The Scottish Referendum: What Now?


By Raphaela Ashford

It was the biggest story in the news but a few weeks ago; on TV, all over the internet, even in Ms Jardine-Young’s prayers, but now it seems the Scottish referendum has been all but brushed under the carpet. However as the 2015 General Election approaches the implications of the ‘no’ vote must be called into question. If at this point you were thinking, “Err, I thought a no vote meant no change,” you were mistaken!

The inquiry into Scottish power could potentially lead to radical decentralisation of power throughout the United Kingdom. David Cameron during the referendum shamelessly promised “extensive powers”, in what can only be called a desperate attempt to appease the Scottish with devolution. One of the claims was that “economic and political change” was to follow if the United Kingdom was maintained.

Ian Bell from the Herald argued that full devolution for Scotland should mean full responsibility of income and expenditure, with Westminster only controlling defence spending and foreign affairs. However, to use Gordon Browns’s words, choosing this almost isolationist approach could mean the Scottish fall into a “Tory trap”. If Scotland is given full power over their own income tax, their position in Westminster could actually be weakened as many think Scottish MPs should not be allowed to vote on income tax that will effect the  rest of United Kingdom. It is important that Scotland, if it does choose to devolve further in November, does not separate too far from the United Kingdom.A large number of tax decisions that feature in Scottish budgets are still to be determined at Westminster so it would be unwise to lose power in England as a consequence of its own gains. Paradoxically, it seems in Scotland’s questioning of its lack of power, the West Lothian debate has been renewed. This debate scrutinises the unfairness of the constitution which allows Scotland to vote on matters that are singularly for England whilst not letting England wield the same influence in Scotland.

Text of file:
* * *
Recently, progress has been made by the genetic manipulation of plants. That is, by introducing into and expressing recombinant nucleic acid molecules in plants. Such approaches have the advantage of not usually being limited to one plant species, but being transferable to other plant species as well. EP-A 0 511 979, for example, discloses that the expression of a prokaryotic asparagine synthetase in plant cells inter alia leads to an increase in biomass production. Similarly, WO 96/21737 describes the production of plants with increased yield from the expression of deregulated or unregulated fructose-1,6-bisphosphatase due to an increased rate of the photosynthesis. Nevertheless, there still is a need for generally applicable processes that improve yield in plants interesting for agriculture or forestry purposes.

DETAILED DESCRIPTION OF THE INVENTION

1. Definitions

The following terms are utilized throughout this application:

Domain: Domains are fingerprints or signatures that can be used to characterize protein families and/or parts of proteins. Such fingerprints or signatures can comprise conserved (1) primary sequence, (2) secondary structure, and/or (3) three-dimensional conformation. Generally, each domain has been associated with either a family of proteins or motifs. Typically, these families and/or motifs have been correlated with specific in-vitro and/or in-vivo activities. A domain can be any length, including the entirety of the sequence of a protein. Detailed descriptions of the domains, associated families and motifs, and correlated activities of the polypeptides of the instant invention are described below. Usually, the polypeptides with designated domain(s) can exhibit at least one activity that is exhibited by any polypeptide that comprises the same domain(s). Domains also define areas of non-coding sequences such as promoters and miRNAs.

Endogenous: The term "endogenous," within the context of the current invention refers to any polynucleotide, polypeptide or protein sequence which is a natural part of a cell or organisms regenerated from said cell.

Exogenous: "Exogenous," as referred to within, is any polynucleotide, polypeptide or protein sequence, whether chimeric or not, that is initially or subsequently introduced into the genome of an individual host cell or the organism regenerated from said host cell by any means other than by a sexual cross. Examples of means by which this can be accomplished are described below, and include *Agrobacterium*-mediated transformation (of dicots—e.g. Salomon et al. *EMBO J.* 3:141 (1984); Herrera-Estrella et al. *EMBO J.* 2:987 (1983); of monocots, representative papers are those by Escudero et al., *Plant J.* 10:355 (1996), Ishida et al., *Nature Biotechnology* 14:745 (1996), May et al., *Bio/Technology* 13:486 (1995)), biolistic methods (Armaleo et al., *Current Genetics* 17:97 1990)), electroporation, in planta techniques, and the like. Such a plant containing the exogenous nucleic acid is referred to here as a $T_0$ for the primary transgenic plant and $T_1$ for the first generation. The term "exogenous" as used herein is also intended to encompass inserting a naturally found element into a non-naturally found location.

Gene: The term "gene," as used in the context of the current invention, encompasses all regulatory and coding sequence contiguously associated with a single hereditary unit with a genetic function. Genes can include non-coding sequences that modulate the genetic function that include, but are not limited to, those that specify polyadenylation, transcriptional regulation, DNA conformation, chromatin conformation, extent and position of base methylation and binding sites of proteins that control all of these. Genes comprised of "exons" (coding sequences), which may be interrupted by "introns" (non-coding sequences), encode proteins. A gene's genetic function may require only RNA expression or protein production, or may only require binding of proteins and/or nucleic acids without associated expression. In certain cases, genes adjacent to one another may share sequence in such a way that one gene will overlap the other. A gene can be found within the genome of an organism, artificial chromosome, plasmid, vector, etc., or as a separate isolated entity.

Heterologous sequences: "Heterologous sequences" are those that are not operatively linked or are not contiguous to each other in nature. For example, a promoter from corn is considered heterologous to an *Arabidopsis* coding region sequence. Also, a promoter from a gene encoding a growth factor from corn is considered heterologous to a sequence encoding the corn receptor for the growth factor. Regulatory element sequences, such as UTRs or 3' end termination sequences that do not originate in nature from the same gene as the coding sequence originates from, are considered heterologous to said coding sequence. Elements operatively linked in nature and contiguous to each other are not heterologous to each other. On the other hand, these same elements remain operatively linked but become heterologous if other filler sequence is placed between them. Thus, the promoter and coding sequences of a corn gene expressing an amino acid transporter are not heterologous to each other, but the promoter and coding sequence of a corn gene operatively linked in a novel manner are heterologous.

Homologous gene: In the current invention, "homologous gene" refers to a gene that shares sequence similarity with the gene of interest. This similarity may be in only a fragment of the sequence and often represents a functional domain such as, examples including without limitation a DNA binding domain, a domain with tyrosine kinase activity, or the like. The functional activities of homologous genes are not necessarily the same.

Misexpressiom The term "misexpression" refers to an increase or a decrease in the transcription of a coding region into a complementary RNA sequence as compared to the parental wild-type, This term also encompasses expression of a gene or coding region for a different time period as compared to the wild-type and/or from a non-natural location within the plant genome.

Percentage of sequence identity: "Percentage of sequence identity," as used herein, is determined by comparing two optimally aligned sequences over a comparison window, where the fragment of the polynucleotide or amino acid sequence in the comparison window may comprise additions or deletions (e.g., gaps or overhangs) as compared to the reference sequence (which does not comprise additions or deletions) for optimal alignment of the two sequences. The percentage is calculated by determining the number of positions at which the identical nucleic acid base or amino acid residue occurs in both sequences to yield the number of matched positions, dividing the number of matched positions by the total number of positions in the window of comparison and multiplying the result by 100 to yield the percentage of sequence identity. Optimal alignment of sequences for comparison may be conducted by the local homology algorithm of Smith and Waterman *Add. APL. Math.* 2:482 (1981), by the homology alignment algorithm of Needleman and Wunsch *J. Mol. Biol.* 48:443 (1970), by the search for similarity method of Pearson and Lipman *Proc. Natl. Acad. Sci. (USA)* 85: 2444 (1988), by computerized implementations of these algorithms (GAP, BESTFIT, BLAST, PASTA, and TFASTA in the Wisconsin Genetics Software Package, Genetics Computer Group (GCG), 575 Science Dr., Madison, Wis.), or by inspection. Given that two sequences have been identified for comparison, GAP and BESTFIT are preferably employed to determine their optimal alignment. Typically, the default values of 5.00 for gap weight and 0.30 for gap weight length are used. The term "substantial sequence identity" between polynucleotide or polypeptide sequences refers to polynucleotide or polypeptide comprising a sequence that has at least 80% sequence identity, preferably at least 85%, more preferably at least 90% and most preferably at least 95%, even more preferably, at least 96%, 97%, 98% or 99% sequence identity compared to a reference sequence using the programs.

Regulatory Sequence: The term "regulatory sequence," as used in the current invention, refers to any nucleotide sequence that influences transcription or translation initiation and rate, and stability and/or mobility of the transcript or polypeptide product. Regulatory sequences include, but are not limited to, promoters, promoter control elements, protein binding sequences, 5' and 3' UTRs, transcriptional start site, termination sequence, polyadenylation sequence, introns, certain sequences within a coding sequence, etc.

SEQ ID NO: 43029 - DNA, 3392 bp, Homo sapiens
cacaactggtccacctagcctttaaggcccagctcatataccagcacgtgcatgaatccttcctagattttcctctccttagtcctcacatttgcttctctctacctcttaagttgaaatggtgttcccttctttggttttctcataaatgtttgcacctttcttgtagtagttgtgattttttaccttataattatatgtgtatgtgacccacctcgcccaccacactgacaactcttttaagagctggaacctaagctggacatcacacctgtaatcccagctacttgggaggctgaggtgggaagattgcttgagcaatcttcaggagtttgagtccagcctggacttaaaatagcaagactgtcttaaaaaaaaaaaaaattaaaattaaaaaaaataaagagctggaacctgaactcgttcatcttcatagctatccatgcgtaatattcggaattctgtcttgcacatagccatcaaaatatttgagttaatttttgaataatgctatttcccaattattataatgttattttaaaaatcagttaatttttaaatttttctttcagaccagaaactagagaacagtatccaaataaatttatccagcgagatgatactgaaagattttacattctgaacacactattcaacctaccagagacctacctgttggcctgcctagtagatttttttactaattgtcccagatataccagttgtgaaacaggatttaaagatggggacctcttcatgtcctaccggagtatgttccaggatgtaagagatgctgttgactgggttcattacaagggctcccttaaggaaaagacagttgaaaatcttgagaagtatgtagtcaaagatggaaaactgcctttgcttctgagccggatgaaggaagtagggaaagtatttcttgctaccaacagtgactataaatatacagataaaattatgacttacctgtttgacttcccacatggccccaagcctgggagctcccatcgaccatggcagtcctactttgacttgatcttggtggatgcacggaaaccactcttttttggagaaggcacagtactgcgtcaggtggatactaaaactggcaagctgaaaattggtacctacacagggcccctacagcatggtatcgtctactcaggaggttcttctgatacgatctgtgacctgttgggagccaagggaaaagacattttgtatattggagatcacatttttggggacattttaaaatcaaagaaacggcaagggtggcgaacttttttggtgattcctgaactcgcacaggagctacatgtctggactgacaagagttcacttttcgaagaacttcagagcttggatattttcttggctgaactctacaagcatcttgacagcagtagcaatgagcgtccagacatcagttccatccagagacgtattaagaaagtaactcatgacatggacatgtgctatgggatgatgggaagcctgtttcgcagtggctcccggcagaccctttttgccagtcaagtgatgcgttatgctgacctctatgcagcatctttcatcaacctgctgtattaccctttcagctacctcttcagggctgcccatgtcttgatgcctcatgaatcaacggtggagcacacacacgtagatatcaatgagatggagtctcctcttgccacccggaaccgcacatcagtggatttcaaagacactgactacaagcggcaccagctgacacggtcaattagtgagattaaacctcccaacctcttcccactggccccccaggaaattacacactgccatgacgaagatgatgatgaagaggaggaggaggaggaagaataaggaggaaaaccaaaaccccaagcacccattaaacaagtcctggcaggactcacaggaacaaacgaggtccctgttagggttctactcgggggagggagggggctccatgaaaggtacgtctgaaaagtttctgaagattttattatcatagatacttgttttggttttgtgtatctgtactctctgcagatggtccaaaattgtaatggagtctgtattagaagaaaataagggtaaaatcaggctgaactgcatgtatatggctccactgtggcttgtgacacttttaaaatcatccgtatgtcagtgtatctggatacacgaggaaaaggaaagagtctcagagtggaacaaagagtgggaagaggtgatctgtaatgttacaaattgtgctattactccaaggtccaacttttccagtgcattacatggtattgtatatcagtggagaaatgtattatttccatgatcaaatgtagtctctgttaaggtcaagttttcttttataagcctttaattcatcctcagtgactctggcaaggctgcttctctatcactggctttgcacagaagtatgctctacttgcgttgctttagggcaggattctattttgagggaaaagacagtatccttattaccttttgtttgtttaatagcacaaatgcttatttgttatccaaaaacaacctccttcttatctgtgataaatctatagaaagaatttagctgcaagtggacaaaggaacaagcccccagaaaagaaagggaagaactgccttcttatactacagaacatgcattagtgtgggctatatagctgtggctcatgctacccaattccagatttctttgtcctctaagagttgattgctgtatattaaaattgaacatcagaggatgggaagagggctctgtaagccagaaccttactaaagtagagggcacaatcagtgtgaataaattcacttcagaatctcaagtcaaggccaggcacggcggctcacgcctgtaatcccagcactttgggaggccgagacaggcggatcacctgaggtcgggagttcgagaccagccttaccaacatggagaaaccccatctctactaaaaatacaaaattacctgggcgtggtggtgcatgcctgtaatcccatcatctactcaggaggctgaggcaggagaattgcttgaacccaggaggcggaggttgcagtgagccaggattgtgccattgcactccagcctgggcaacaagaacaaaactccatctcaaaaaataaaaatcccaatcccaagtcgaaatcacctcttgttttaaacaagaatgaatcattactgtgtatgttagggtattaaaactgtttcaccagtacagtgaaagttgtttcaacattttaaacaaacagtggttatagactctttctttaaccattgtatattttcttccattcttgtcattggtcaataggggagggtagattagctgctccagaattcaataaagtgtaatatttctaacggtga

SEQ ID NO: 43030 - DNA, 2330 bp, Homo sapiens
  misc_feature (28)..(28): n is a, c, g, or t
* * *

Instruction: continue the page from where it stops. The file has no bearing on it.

england vs scotland

George Osborne’s controversial economic policies which aim to lessen the deficit by decreasing welfare spending could also minimise the promised powers to Scotland on economic matters. Osborne’s proposal that sees freezes on benefits, which will account to £100 billion pounds of saving in the welfare sector suggests that the English government will be less likely to loosen its grip on Scottish economic affairs.  Bell argues in “Osborne on the rack” that whilst England “toils” by cutting expenditure, Scotland will not be allowed to “prosper” and that in maintaining the union  Scotland too must suffer under new austerity measures. It seems then, that whilst Scotland will make small gains on purely Scottish matters, England is not prepared to allocate any useful powers that might conflict with their own policies.

However even if there results little impact on Scotland there may be some on England.  The referendum has provoked consideration on how fair the British constitution is in its allocation of power, and whether Wales and Northern Ireland, as well as outer cities in England deserve more power. Indeed four out of five of constituencies are represented by English MPs illustrating the is growing feeling that there is a London elite deciding on behalf of the people but not fully representing people’s choice. Ideas to decentralise power   are already underway, and one method would be to have a local choice in how tax is raised and government money spent in an area.

For England the maintenance of Scotland was a crucial a matter of pride. The loss of Scotland would not only have halved the size of the United Kingdom but as the start of the British Empire it has symbolic significance. Despite this patriotic stance we adopted during the referendum it seems that interest in the topic has vastly dissipated in importance now that the threat of loss has been removed. Although for the moment 55% of Scotland has been appeased by promises for more “extensive powers” if these are not delivered upon and indeed the British constitution is not modified to become a more democratic system where all voices of the Kingdom are heard, rest assured independence will appear on the agenda once more.

 Photos By: Number 10/ Lawrence OP on Flickr





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